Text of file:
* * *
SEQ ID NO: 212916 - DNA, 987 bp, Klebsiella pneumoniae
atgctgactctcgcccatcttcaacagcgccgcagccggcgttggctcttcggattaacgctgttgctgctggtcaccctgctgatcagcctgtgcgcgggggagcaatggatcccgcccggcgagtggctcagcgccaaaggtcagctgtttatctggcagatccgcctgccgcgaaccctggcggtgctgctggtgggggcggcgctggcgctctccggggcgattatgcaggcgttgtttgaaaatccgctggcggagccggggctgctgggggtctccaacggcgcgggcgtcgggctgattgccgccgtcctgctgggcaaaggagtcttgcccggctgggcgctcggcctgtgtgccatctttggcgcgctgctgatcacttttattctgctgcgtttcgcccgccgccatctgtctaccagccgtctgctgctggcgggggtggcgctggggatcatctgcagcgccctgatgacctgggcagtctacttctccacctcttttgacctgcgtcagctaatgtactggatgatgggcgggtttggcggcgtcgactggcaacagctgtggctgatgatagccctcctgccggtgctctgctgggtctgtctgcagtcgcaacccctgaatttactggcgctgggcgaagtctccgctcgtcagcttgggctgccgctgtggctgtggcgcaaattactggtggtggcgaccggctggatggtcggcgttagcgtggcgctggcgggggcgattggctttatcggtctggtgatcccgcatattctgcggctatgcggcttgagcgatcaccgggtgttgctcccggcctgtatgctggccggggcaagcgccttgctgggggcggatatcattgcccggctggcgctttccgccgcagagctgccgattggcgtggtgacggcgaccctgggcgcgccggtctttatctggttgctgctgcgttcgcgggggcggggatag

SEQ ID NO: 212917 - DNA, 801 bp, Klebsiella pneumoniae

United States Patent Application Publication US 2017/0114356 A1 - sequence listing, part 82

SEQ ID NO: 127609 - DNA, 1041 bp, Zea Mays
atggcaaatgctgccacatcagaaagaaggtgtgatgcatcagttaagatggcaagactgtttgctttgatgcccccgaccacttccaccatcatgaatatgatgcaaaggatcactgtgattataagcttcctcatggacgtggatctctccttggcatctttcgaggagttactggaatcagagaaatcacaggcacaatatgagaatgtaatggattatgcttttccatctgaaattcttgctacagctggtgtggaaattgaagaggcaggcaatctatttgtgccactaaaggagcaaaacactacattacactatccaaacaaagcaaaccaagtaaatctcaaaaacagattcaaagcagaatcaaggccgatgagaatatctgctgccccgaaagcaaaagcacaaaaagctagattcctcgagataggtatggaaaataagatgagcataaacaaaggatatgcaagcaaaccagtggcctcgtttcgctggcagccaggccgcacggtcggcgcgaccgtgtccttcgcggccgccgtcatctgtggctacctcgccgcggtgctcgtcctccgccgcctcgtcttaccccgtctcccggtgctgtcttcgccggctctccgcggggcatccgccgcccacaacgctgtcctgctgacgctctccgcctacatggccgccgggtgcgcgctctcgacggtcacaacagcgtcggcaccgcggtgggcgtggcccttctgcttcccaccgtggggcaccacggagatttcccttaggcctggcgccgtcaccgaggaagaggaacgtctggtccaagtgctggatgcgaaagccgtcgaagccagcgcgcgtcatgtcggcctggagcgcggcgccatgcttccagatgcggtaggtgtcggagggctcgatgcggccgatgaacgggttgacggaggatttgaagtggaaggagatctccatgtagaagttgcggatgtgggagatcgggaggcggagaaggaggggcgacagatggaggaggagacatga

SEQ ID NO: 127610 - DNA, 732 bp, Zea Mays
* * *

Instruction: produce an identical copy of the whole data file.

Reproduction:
SEQ ID NO: 212916 - DNA, 987 bp, Klebsiella pneumoniae
atgctgactctcgcccatcttcaacagcgccgcagccggcgttggctcttcggattaacgctgttgctgctggtcaccctgctgatcagcctgtgcgcgggggagcaatggatcccgcccggcgagtggctcagcgccaaaggtcagctgtttatctggcagatccgcctgccgcgaaccctggcggtgctgctggtgggggcggcgctggcgctctccggggcgattatgcaggcgttgtttgaaaatccgctggcggagccggggctgctgggggtctccaacggcgcgggcgtcgggctgattgccgccgtcctgctgggcaaaggagtcttgcccggctgggcgctcggcctgtgtgccatctttggcgcgctgctgatcacttttattctgctgcgtttcgcccgccgccatctgtctaccagccgtctgctgctggcgggggtggcgctggggatcatctgcagcgccctgatgacctgggcagtctacttctccacctcttttgacctgcgtcagctaatgtactggatgatgggcgggtttggcggcgtcgactggcaacagctgtggctgatgatagccctcctgccggtgctctgctgggtctgtctgcagtcgcaacccctgaatttactggcgctgggcgaagtctccgctcgtcagcttgggctgccgctgtggctgtggcgcaaattactggtggtggcgaccggctggatggtcggcgttagcgtggcgctggcgggggcgattggctttatcggtctggtgatcccgcatattctgcggctatgcggcttgagcgatcaccgggtgttgctcccggcctgtatgctggccggggcaagcgccttgctgggggcggatatcattgcccggctggcgctttccgccgcagagctgccgattggcgtggtgacggcgaccctgggcgcgccggtctttatctggttgctgctgcgttcgcgggggcggggatag

SEQ ID NO: 212917 - DNA, 801 bp, Klebsiella pneumoniae

United States Patent Application Publication US 2017/0114356 A1 - sequence listing, part 82

SEQ ID NO: 127609 - DNA, 1041 bp, Zea Mays
atggcaaatgctgccacatcagaaagaaggtgtgatgcatcagttaagatggcaagactgtttgctttgatgcccccgaccacttccaccatcatgaatatgatgcaaaggatcactgtgattataagcttcctcatggacgtggatctctccttggcatctttcgaggagttactggaatcagagaaatcacaggcacaatatgagaatgtaatggattatgcttttccatctgaaattcttgctacagctggtgtggaaattgaagaggcaggcaatctatttgtgccactaaaggagcaaaacactacattacactatccaaacaaagcaaaccaagtaaatctcaaaaacagattcaaagcagaatcaaggccgatgagaatatctgctgccccgaaagcaaaagcacaaaaagctagattcctcgagataggtatggaaaataagatgagcataaacaaaggatatgcaagcaaaccagtggcctcgtttcgctggcagccaggccgcacggtcggcgcgaccgtgtccttcgcggccgccgtcatctgtggctacctcgccgcggtgctcgtcctccgccgcctcgtcttaccccgtctcccggtgctgtcttcgccggctctccgcggggcatccgccgcccacaacgctgtcctgctgacgctctccgcctacatggccgccgggtgcgcgctctcgacggtcacaacagcgtcggcaccgcggtgggcgtggcccttctgcttcccaccgtggggcaccacggagatttcccttaggcctggcgccgtcaccgaggaagaggaacgtctggtccaagtgctggatgcgaaagccgtcgaagccagcgcgcgtcatgtcggcctggagcgcggcgccatgcttccagatgcggtaggtgtcggagggctcgatgcggccgatgaacgggttgacggaggatttgaagtggaaggagatctccatgtagaagttgcggatgtgggagatcgggaggcggagaaggaggggcgacagatggaggaggagacatga

SEQ ID NO: 127610 - DNA, 732 bp, Zea Mays